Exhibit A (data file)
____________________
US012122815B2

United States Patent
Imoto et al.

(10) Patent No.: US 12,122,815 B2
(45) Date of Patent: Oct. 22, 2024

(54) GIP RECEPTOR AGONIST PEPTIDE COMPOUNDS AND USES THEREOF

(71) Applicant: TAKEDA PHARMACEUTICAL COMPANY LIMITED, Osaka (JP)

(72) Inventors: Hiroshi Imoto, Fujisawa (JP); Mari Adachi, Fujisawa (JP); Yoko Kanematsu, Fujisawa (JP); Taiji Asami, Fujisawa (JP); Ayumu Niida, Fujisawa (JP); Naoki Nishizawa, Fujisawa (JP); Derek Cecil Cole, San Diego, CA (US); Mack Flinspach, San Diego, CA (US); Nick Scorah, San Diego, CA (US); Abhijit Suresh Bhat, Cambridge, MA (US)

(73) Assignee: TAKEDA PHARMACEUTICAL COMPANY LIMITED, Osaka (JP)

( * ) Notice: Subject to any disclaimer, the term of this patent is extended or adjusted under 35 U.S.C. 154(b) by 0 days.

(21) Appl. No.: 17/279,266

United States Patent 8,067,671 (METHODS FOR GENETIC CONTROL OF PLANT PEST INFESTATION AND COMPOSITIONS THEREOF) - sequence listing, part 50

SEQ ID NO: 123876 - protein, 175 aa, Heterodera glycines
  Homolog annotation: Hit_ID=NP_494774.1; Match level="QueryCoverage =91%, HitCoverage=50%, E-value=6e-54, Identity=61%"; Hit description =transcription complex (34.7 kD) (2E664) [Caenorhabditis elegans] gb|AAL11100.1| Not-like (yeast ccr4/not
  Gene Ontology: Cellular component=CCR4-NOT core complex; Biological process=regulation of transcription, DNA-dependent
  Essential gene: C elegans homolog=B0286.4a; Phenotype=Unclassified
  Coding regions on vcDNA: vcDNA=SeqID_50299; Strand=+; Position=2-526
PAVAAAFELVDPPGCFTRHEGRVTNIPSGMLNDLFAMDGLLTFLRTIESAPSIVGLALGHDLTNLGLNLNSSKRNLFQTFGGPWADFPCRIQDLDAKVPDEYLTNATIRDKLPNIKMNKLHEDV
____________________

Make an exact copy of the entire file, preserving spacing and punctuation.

US012122815B2

United States Patent
Imoto et al.

(10) Patent No.: US 12,122,815 B2
(45) Date of Patent: Oct. 22, 2024

(54) GIP RECEPTOR AGONIST PEPTIDE COMPOUNDS AND USES THEREOF

(71) Applicant: TAKEDA PHARMACEUTICAL COMPANY LIMITED, Osaka (JP)

(72) Inventors: Hiroshi Imoto, Fujisawa (JP); Mari Adachi, Fujisawa (JP); Yoko Kanematsu, Fujisawa (JP); Taiji Asami, Fujisawa (JP); Ayumu Niida, Fujisawa (JP); Naoki Nishizawa, Fujisawa (JP); Derek Cecil Cole, San Diego, CA (US); Mack Flinspach, San Diego, CA (US); Nick Scorah, San Diego, CA (US); Abhijit Suresh Bhat, Cambridge, MA (US)

(73) Assignee: TAKEDA PHARMACEUTICAL COMPANY LIMITED, Osaka (JP)

( * ) Notice: Subject to any disclaimer, the term of this patent is extended or adjusted under 35 U.S.C. 154(b) by 0 days.

(21) Appl. No.: 17/279,266

United States Patent 8,067,671 (METHODS FOR GENETIC CONTROL OF PLANT PEST INFESTATION AND COMPOSITIONS THEREOF) - sequence listing, part 50

SEQ ID NO: 123876 - protein, 175 aa, Heterodera glycines
  Homolog annotation: Hit_ID=NP_494774.1; Match level="QueryCoverage =91%, HitCoverage=50%, E-value=6e-54, Identity=61%"; Hit description =transcription complex (34.7 kD) (2E664) [Caenorhabditis elegans] gb|AAL11100.1| Not-like (yeast ccr4/not
  Gene Ontology: Cellular component=CCR4-NOT core complex; Biological process=regulation of transcription, DNA-dependent
  Essential gene: C elegans homolog=B0286.4a; Phenotype=Unclassified
  Coding regions on vcDNA: vcDNA=SeqID_50299; Strand=+; Position=2-526
PAVAAAFELVDPPGCFTRHEGRVTNIPSGMLNDLFAMDGLLTFLRTIESAPSIVGLALGHDLTNLGLNLNSSKRNLFQTFGGPWADFPCRIQDLDAKVPDEYLTNATIRDKLPNIKMNKLHEDV